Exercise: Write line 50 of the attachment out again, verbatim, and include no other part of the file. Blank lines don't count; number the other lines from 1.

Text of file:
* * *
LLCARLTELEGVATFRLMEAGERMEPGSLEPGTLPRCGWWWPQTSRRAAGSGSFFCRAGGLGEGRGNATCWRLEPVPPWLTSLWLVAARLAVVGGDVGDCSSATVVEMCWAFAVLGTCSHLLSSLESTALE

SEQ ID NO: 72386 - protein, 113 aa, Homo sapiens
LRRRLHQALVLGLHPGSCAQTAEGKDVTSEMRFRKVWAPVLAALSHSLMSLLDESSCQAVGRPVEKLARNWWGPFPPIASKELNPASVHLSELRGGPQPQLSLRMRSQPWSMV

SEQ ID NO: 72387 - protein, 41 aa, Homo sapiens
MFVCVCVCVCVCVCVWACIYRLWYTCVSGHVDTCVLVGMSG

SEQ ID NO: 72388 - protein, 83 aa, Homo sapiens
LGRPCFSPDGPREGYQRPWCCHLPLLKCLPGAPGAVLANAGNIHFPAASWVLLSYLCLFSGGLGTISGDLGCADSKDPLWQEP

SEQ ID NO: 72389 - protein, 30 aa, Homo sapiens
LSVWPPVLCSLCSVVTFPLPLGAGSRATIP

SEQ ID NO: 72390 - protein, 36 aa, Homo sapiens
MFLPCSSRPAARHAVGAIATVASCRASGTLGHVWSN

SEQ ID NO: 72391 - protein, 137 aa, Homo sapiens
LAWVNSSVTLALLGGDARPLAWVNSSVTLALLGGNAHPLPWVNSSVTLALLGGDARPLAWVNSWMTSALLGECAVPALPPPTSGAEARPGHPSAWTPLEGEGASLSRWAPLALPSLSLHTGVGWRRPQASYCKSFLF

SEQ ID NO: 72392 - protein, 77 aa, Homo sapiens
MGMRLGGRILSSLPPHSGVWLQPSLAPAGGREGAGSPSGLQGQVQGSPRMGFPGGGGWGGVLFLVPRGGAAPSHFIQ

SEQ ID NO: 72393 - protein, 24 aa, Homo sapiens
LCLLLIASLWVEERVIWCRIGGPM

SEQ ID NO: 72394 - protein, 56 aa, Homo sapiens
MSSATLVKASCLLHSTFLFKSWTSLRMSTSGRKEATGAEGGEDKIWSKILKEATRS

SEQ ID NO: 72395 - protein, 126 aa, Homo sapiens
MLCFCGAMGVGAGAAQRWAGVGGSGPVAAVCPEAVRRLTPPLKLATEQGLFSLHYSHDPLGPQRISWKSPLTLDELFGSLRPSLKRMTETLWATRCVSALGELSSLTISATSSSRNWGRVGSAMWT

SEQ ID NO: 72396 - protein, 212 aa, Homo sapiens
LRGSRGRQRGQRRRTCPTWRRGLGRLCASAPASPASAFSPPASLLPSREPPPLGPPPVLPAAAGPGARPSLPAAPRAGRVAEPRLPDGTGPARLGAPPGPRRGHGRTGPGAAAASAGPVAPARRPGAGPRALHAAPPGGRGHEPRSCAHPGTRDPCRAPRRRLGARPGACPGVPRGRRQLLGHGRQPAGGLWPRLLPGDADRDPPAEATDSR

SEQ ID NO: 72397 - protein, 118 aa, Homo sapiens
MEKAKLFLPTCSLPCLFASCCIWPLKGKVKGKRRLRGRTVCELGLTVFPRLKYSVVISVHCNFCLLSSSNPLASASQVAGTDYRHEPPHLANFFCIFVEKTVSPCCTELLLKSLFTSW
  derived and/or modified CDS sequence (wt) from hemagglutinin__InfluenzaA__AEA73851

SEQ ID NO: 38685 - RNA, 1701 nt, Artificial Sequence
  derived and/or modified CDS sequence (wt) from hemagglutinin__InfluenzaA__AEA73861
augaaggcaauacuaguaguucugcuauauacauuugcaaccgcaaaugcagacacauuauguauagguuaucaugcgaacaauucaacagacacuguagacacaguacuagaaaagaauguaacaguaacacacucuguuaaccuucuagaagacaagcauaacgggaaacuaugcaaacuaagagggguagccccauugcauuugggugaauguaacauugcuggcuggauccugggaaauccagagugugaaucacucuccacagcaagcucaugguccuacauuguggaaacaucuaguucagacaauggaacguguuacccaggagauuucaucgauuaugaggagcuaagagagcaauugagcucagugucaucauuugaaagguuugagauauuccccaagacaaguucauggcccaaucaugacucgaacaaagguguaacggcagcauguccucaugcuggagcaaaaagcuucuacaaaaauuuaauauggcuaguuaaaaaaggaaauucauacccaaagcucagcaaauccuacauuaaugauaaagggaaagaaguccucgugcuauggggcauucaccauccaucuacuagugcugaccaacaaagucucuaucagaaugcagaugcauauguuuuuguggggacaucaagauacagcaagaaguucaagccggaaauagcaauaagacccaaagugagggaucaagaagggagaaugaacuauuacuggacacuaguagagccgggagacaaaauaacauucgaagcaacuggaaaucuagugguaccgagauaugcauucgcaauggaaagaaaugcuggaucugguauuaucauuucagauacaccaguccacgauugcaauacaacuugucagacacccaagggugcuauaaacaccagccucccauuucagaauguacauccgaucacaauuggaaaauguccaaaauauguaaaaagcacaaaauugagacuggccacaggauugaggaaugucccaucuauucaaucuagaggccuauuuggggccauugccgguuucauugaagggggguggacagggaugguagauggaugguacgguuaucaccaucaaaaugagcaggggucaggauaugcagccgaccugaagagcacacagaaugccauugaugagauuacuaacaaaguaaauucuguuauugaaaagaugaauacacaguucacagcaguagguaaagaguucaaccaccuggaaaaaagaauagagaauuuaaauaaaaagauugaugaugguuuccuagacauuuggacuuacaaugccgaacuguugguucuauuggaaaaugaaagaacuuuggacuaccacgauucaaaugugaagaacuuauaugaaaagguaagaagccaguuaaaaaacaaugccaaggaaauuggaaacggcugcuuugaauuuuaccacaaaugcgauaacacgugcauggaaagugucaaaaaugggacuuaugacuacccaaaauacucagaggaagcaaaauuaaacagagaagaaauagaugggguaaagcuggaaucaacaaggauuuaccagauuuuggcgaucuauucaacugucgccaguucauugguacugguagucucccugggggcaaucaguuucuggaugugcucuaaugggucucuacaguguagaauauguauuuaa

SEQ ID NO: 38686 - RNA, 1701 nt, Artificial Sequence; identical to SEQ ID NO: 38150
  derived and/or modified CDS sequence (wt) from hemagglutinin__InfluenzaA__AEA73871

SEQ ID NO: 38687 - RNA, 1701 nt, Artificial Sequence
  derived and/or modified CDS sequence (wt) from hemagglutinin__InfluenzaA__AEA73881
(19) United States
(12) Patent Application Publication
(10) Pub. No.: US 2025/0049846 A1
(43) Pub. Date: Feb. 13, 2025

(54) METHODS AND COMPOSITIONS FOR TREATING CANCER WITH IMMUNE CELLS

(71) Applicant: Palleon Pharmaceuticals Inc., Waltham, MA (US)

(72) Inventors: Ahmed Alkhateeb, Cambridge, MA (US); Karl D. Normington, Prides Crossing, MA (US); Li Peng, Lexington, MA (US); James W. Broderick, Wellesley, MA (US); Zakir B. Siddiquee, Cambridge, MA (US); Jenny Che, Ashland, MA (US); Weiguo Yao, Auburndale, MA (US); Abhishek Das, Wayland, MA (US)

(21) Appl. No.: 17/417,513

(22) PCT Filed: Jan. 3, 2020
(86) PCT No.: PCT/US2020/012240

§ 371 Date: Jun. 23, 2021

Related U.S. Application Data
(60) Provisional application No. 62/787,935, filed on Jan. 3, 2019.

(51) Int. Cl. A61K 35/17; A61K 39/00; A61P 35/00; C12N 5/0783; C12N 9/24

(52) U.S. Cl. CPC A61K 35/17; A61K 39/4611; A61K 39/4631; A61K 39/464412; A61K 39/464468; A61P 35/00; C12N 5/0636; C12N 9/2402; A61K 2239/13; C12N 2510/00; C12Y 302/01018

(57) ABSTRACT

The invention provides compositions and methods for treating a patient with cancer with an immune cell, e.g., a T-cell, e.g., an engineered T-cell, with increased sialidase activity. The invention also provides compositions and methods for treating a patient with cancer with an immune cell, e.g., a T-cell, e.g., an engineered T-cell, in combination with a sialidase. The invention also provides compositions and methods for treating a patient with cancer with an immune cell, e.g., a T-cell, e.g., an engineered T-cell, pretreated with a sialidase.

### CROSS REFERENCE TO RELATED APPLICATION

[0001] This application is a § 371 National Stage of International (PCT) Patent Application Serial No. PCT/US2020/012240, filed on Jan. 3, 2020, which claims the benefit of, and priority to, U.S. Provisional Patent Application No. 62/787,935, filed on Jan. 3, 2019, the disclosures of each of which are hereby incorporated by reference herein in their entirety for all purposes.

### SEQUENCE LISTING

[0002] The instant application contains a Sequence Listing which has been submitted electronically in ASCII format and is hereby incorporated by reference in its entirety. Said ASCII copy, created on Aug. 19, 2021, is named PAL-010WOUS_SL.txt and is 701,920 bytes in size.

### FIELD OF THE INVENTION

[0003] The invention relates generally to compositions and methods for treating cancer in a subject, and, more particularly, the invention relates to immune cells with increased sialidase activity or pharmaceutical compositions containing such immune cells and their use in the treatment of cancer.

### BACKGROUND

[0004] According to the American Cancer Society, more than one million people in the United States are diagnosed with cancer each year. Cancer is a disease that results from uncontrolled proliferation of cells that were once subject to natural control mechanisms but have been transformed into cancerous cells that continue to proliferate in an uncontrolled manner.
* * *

The invention provides compositions and methods for treating a patient with cancer with an immune cell, e.g., a T-cell, e.g., an engineered T-cell, with increased sialidase activity. The invention also provides compositions and methods for treating a patient with cancer with an immune cell, e.g., a T-cell, e.g., an engineered T-cell, in combination with a sialidase. The invention also provides compositions and methods for treating a patient with cancer with an immune cell, e.g., a T-cell, e.g., an engineered T-cell, pretreated with a sialidase.